By the way, with regards to the demise of the PC, the largest botnets to ever exist weren't actually infected PCs, they were IoT (Internet of Things) devices.  These are popular targets these days because they lack many of the defenses (like firewalls and anti-malware/antivirus software) that PCs have so they make easy targets for the bad guys to infiltrate and control.  You may recall the Mirai botnet that took down major sites in 2016, including Twitter, Netflix, Reddit and several others; that botnet was composed entirely of IoT devices, not PCs, and there have been others with more to come in the future I'm sure.  Mobile malware is also becoming more popular now that nearly everyone carries smart phones; incidentally, this is also one of the reasons the bad guys have resorted to web based scams like the tech support scam you witnessed (it would display different messaging depending on the type of device connecting to it, with a version for Mac, PC and mobile devices that it determines through the web browser's user agent string), as it can be adapted to attack any type of device the user may be running, not just PCs.

Anyway, I hope that clears things up.  If there is anything else we might help with please let us know.


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  • 2 months later...

I did not time it; but estimate for me to sign up is 5 minutes.      Problem is two fold.   The password comparator algorithm does not operate in real time and when you have inadvertently typed in non-matching passwords you are forced to go through Captcha another time.  I use complex passwords and it took me 3 trips through captcha before winning.  Yes, I could have taken more time and written my new password down and typed it in with 1 finger, 1 letter at a time and not made mistakes; but old habits die hard.

Second problem is Captcha photos; some of them are such poor resolution in the distance that you cannot be sure of contents.  Also some of them like storefronts have photos that are a matter of guessing if they are store fronts because there are no store names, doors or other solid clues that the photo is actually a store front.  I think Captcha needs more quality assurance testing by 3rd party outsiders of their product.

I have used captcha before and as always (on other websites) it is a frustrating experience.

In the interest of appealing to a larger membership and not turn off prospective new members and potential paying subscribers, I suggest you try to make the sign up filter more user friendly by addressing the above difficulties.  I have seen very creative, simple effective "Captcha" substitutes on other web sites.  I am sure with a little effort your creative people could make a unique to malware; but more foolproof robot detector algorithm in lieu of using Capthca.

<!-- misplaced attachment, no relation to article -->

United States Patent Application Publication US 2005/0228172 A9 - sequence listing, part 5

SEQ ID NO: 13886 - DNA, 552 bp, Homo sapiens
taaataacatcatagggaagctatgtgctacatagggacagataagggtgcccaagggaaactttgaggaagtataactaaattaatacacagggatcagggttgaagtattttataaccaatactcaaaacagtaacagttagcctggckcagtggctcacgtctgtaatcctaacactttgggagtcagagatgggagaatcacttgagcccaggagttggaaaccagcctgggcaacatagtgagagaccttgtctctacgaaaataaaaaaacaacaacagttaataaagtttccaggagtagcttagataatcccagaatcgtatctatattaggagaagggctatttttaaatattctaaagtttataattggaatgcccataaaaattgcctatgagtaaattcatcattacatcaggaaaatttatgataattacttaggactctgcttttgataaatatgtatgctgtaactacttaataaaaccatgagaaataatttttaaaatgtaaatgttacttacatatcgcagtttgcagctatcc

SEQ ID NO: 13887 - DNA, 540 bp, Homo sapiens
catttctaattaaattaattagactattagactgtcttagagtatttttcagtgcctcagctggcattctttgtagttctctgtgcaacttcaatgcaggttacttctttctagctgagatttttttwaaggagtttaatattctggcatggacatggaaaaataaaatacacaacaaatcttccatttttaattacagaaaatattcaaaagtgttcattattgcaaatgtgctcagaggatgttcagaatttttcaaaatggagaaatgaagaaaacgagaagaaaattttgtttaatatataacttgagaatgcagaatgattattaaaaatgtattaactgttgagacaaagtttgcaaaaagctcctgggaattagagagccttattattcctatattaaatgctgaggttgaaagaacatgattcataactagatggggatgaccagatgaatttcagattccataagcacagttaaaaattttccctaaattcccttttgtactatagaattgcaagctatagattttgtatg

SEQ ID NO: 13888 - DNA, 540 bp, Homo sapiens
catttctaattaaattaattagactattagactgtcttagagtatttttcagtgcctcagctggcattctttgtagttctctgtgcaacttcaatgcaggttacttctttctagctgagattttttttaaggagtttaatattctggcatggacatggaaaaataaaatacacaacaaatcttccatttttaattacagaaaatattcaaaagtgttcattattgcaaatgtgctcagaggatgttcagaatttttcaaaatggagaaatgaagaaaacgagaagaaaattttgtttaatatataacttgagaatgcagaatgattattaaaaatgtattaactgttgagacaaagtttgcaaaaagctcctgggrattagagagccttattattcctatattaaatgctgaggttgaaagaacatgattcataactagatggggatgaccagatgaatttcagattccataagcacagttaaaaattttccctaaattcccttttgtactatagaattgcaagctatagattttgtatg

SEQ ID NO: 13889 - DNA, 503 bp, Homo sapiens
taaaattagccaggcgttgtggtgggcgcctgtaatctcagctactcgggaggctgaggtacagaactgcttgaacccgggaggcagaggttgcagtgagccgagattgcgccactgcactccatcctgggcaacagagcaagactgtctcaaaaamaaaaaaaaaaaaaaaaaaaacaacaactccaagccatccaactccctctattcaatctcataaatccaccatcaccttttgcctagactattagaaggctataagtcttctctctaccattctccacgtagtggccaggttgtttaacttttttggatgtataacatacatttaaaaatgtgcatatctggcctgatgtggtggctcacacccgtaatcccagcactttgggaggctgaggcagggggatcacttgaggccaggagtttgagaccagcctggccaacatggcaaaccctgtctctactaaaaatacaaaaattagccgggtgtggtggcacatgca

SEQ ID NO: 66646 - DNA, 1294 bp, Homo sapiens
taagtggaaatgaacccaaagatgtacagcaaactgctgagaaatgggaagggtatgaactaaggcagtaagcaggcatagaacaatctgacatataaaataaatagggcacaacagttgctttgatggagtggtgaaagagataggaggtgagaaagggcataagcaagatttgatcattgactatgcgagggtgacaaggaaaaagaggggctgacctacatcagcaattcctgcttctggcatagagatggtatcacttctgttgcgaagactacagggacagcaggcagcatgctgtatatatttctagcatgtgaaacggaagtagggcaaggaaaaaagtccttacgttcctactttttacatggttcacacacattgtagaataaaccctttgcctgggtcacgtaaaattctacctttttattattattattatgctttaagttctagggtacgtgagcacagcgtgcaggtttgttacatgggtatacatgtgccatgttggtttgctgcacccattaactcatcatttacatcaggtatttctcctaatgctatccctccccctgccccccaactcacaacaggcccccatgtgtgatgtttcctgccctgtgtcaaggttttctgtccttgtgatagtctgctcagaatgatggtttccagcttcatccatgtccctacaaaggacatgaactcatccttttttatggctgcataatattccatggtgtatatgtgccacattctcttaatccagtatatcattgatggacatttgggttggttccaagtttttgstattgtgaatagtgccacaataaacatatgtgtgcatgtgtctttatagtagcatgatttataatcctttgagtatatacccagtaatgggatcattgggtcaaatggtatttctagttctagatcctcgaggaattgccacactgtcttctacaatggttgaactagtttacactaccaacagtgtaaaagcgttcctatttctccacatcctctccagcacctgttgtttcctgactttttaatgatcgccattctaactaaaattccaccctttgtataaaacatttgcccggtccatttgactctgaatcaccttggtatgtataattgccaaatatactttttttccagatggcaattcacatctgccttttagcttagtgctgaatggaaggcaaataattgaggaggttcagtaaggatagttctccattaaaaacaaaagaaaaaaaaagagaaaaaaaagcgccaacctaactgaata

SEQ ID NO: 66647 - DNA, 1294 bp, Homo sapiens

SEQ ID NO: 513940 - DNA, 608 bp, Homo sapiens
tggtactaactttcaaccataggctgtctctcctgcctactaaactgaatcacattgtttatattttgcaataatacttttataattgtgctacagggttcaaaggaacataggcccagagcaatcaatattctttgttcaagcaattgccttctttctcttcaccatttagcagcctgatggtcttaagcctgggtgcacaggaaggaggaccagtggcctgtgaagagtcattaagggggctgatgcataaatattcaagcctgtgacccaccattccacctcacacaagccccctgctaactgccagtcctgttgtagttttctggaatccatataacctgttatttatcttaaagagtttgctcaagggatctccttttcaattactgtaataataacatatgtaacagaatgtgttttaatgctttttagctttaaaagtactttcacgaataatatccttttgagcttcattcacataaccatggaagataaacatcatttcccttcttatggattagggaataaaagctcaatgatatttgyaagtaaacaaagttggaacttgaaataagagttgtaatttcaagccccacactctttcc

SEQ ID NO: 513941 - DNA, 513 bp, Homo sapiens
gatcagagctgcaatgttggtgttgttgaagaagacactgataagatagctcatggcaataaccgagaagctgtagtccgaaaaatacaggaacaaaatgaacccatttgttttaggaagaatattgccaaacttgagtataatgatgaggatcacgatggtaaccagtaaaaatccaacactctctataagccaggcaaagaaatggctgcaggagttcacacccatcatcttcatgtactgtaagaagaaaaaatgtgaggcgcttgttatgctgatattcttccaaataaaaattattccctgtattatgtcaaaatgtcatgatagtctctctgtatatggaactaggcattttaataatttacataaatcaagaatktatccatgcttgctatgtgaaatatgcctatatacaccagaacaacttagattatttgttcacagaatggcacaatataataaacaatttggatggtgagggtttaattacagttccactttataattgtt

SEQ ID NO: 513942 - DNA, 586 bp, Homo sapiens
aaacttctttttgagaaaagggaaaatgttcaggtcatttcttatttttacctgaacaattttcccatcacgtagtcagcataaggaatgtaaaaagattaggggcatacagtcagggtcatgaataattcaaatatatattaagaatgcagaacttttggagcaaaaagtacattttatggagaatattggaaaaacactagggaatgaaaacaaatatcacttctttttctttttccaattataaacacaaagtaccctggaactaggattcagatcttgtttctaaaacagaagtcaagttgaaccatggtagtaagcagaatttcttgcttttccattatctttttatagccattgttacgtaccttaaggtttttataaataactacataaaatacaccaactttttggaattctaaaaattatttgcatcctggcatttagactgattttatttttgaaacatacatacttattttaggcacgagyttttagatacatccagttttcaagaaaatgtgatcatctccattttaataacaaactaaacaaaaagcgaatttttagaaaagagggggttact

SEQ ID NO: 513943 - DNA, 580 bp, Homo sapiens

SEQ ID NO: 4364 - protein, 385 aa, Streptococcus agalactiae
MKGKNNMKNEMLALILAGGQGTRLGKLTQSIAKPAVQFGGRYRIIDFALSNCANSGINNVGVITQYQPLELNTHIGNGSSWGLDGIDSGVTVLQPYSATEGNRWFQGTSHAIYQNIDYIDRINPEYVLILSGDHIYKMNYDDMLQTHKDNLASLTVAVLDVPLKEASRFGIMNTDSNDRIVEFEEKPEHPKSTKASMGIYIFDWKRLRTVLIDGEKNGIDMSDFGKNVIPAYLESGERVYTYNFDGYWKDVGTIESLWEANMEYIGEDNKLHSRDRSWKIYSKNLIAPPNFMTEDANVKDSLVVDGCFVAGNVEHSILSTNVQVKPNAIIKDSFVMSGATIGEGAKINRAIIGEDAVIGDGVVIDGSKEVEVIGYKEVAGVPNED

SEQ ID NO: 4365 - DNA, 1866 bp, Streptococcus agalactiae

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Why not just type out your password in notepad or something similar, then just copy/paste it into the password fields?  That's what I do (I also user super complex/random passwords).

Regarding the Captcha, I'm with you on that front.  I HATE them and I hope they can come up with a better solution that is still capable of beating the bots (and in reality, with the advent of AI/Machine Learning/facial recognition etc. it won't be long before bots are fully capable of defeating them more efficiently than humans ever could anyway, assuming they aren't already there and the spammers just haven't gotten hold of the tech yet).

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Thanks for the suggestion, exile.   I should use your notebook suggestion.  I have been discouraged from doing that because some sites prohibit pasting into the password block.  However, some don't and I should form the habit of using the notebook idea that I have abandoned.

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Yes, thankfully most sites don't prevent it these days and it's been a really long time since I've come across a site that did.  In fact, the last time I can recall anything not allowing it, it was with Skype and Outlook (both Microsoft products; obviously they're not fans of this method).  Pretty much everywhere else I've signed up at has allowed it, even banks and credit card company sites.

Anyway, I'll be sure to pass your feedback on to the team.  Hopefully they can convince IPS (the software provider that develops and maintains the software for the forums) to use an alternative implementation, but unfortunately I'm pretty sure it is up to them to decide.  I think the only option we have at this point is to enable the CAPTCHA or not, and having it and dealing with its difficulties far outweighs the negatives of constant spambot floods we used to get before enabling it, so hopefully they will be able and willing to provide an alternative, especially since both CAPTCHA and reCAPTCHA have in fact already been defeated by AI (though reCAPTCHA was patched to be more resistant; it's still only a matter of time before the current implementation is cracked, I'm sure):